“He said he was going to crawl like Rambo, but he would call himself ‘Jambo’ instead!” chuckles Butch. That phrase caught on, and Butch believes it was then that the event began to be known by its shortened nickname. Butch himself once spent an entire night dozing in a Porta-Jon so that he could snag a prime seat first thing the next morning. (Kids: Butch warns, “Don’t try this at home!”)
In addition to fewer rules, there was sometimes easy access to the backstage area, and Butch has had the good fortune to meet a number of country music legends over the decades. He has become friendly with crowd favorite Neal McCoy and has hung out with Neal backstage on several occasions.
One year in the early ’90s, Butch recalls, he was strolling the grounds near the stage during his early-morning “walkabout.”
“My good friend Ron Retzer (of the Jamboree stage band 1170) came driving by and asked where I was going,” Butch tells Weelunk. “I said I was just on a walkabout. He told me to hop in.” Ron proceeded to pull up backstage where some tour buses were unloading.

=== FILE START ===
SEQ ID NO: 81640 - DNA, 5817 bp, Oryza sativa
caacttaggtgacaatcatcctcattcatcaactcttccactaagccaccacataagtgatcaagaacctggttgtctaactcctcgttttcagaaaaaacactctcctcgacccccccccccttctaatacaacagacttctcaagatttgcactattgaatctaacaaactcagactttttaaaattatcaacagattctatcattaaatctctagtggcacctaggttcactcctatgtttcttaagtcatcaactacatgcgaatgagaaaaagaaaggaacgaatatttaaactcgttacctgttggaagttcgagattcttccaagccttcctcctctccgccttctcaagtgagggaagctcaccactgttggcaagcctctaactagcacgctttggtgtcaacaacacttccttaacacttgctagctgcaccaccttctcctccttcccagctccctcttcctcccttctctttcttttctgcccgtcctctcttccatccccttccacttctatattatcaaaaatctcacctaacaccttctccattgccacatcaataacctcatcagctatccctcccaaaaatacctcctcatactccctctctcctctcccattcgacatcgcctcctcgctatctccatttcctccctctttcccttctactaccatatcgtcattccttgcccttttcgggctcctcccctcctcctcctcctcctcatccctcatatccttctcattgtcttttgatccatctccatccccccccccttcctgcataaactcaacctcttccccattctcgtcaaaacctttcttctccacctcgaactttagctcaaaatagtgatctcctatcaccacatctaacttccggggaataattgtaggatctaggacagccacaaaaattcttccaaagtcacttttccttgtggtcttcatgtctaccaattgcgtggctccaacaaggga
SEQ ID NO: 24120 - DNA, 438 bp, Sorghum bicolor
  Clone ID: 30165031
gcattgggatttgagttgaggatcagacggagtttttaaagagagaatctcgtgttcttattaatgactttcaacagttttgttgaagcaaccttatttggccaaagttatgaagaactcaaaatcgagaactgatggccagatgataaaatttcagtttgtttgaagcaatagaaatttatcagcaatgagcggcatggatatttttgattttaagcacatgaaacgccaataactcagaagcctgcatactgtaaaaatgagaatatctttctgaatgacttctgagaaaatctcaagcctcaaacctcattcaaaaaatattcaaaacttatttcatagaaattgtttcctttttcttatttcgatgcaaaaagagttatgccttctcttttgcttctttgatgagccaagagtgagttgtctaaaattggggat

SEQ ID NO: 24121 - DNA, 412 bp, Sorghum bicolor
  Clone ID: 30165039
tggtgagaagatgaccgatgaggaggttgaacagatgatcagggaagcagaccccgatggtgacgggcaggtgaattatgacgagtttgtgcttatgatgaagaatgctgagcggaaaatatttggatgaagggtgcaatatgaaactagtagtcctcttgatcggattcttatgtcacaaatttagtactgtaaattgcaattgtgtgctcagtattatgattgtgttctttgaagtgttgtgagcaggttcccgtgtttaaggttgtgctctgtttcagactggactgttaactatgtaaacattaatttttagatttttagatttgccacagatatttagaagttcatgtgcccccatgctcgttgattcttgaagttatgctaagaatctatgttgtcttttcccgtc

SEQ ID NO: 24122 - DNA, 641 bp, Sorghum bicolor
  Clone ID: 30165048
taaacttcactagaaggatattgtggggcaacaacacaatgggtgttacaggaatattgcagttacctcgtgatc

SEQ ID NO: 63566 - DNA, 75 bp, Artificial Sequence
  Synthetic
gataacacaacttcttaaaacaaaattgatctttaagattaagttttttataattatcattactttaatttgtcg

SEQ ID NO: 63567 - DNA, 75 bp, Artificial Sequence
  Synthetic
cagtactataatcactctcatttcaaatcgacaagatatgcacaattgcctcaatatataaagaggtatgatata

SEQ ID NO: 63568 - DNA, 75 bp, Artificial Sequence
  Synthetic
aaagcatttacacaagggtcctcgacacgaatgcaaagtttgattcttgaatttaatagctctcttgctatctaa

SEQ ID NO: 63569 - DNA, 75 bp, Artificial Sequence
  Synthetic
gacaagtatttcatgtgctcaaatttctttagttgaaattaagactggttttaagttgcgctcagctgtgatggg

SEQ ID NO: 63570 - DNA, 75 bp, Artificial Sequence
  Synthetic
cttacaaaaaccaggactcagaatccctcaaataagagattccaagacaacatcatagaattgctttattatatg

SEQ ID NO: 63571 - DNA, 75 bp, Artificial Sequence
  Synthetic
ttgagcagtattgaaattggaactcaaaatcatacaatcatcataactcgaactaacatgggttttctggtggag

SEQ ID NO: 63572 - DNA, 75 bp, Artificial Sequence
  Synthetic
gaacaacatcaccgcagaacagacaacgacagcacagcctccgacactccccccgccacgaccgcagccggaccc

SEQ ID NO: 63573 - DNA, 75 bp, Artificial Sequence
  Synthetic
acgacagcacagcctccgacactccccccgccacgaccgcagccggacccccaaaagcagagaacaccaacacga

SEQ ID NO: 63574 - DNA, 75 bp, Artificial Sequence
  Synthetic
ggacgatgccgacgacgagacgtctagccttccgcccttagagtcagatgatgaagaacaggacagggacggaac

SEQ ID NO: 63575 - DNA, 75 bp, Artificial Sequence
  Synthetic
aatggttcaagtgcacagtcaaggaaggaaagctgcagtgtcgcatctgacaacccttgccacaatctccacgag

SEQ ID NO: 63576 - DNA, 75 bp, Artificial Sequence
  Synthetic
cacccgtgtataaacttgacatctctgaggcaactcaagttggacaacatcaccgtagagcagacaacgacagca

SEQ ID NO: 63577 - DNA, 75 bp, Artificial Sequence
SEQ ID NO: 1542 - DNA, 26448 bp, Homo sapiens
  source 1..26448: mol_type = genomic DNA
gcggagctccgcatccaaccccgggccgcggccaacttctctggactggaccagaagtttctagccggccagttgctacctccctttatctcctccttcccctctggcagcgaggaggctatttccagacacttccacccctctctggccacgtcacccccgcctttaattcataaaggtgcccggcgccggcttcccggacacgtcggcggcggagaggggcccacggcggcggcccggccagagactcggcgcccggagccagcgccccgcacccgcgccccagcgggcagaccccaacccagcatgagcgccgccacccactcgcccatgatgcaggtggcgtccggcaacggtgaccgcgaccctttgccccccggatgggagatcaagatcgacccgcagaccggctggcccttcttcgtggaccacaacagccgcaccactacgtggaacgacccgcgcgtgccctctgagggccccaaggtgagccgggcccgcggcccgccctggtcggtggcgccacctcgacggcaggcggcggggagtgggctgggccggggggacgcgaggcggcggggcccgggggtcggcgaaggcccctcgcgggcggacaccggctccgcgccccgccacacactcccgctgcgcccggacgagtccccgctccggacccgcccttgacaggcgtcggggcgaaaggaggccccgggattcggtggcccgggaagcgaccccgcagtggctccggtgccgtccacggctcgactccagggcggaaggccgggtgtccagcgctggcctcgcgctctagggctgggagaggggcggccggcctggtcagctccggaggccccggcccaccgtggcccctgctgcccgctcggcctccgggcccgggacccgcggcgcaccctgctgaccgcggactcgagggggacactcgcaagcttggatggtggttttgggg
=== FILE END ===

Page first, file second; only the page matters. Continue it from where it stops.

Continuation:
“Out of one bus came Lorrie Morgan, carrying coffee and donuts! And across the way was Sammy Kershaw!” recalls Butch. After sharing a donut and a cup of joe with the stars, he casually continued his walkabout — probably headed to that cow pond for his morning swim after enjoying breakfast with two major country celebrities of the time.
For that was the beauty of Jamboree In The Hills — fans of all backgrounds rubbed elbows, raised a toast and became friends. Rich, poor, Republican, Democrat — none of those everyday labels was relevant in the “Hills.” Everyone became one big patriotic redneck family for four days each summer, celebrating freedom, friendship and frivolity.
WHEN BUTCH MET SUSIE
Also in the early ’90s, Butch suffered the misfortune of losing his job in Dennison. However, he was able to find employment in Cuyahoga Falls, Ohio, and he moved north to be closer to his new position. He made friends in his new town, but didn’t have a special woman in his life. One night, he and a friend visited a local bar called the Melody Inn.
“There was a pretty woman at the end of the bar, almost holding court,” Butch remembers with a smile. “She was laughing and talking to everyone — she was obviously the life of the party.”
Butch was intrigued and asked his friend, “Who’s the woman at the end of the bar?” His friend said her name was Susie. Butch watched Susie from his seat at the bar all that evening, itching to get to know her better but not wanting to seem too forward. The following night, he returned to the Melody Inn, and there was Susie again on her stool at the far end of the bar.